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I would be thrilled if the suspended swinging coaster made a comeback. The Bat at Kings Island is proof that the suspended coaster can be a thrilling yet still be a family ride for any park. Big Bad Wolf was popular all the way to the end. Even though Vekoma, Intamin, and S&S Sansei have family suspended coasters in their catalog, a suspended swinging coaster would still offer a different ride experience in comparison.


As for the Illusion coaster I think you can have the same concept with any coaster style. Even though Dark Knight at SFGAm has static props inside I would think adding screens to an indoor Wild Mouse style coaster could achieve the same effect you're looking for. Same goes for a spinning coaster like Exterminator at Kennywood or Laff Track at Hersheypark. It could still be a disorienting ride if done well.

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Designer representing, though I'm not speaking on behalf of who I work for...


From an accessibility and experience standpoint, the suspended coaster type already exists today - it's the Vekoma suspended family coaster. Low height restriction, fast sections, high-speed back-to-back turns... At least on the 453 m / Orkanen model, the formula is already there.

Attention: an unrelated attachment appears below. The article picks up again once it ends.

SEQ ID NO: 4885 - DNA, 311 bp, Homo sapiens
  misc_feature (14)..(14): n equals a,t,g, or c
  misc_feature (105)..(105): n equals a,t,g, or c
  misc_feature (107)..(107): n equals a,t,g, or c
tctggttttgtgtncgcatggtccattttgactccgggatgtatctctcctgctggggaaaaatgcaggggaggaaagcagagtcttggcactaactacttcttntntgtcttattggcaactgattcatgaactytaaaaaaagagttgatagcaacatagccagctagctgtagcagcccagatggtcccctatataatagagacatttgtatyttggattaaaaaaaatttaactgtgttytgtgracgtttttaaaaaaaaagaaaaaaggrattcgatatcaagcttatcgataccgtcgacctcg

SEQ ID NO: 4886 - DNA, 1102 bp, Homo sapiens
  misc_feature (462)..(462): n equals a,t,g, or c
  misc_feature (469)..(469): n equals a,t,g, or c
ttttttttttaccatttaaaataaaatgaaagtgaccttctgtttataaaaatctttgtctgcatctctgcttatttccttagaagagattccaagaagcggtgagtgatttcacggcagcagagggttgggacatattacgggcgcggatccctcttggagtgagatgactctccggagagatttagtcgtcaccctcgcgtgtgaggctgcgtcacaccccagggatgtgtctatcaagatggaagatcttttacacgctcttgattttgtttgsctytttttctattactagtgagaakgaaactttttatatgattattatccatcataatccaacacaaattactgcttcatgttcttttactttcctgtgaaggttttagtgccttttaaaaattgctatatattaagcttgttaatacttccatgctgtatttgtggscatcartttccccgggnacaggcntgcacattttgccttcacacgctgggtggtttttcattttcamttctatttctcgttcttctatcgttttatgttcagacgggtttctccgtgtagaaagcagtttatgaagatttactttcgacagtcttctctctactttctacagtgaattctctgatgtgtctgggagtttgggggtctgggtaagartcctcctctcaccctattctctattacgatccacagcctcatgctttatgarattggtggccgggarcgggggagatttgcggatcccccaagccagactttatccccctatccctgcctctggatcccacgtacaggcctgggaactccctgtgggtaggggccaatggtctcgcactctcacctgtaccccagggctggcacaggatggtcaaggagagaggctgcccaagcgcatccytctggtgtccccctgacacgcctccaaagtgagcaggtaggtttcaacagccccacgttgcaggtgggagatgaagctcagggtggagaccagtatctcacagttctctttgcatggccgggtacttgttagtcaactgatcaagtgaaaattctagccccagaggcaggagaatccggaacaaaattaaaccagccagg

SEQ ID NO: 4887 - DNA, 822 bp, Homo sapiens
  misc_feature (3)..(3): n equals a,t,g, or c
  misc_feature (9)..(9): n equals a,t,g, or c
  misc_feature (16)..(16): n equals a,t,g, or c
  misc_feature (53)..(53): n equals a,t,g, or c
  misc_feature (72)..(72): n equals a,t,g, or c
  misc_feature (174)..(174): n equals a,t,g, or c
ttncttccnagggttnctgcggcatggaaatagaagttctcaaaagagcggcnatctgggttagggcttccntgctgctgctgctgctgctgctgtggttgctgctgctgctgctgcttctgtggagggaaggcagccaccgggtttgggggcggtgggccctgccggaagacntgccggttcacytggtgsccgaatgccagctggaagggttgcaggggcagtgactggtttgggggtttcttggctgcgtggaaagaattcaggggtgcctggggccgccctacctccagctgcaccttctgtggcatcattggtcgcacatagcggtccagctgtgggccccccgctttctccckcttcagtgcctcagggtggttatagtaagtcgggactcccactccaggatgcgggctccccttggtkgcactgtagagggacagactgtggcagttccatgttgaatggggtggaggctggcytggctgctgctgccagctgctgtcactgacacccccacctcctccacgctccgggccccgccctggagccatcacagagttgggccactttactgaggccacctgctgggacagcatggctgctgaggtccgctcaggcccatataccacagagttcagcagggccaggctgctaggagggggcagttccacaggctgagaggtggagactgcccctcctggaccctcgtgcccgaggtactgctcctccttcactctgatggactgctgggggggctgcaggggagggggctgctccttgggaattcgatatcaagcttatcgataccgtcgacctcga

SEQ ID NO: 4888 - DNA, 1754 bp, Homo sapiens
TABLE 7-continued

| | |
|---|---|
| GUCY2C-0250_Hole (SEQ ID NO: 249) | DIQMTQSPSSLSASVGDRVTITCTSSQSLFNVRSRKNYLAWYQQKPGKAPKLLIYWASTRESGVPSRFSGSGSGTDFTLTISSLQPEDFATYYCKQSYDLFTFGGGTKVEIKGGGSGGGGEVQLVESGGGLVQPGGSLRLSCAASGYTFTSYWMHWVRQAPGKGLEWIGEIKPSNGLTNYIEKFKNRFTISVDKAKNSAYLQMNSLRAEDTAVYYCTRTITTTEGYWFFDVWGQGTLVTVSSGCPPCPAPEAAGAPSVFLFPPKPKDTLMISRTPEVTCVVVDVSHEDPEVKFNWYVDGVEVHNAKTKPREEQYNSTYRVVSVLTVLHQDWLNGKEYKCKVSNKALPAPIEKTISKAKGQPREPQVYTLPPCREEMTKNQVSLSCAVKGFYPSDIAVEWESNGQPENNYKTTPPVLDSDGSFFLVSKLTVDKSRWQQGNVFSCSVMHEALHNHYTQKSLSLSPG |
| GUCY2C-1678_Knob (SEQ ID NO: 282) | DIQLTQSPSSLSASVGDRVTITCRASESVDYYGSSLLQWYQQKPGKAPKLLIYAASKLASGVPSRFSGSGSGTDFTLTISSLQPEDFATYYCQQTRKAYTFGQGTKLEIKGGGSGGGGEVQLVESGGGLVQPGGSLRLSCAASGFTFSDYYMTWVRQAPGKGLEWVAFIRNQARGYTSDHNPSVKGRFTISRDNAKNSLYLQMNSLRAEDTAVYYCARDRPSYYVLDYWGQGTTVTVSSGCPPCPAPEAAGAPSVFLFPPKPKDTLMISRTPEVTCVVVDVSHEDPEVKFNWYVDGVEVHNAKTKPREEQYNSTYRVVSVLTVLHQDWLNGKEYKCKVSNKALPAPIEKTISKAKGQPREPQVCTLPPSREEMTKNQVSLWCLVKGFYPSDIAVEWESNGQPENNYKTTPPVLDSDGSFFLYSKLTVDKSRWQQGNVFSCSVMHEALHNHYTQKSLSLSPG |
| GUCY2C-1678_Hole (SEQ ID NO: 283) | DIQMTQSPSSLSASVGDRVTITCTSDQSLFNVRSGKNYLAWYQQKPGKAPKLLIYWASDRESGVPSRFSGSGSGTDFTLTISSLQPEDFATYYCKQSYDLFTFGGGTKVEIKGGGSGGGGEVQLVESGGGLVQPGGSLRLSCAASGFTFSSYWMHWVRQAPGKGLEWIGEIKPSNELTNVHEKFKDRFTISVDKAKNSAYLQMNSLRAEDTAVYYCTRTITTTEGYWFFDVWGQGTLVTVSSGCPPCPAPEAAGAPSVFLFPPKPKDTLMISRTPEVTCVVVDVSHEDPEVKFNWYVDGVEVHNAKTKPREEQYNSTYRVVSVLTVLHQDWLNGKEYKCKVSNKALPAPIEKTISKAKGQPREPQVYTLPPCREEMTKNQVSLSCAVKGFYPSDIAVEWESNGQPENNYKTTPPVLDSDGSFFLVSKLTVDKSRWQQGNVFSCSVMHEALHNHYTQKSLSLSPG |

In my opinion, what made Big Bad Wolf (and I'm assuming Eagle Fortress) so good wasn't necessarily the swinging. It was the close calls with its surroundings. Because the trains had a fixed floor, narrow profile, and closed-in seats, the clearance envelope was ridiculously small.


If I owned a park and really wanted a retro-modern suspended coaster a la Knoebels' Flying Turns, I'd request a something along the lines of a more intense Vekoma or Intamin suspended family coaster with a custom train design that would prevent outward reaching and allow for a tighter envelope, and have it designed with terrain interaction and close calls in mind. The whole swinging aspect seems like it would be a problem item in the long run or something that would shorten the ride's effective service life.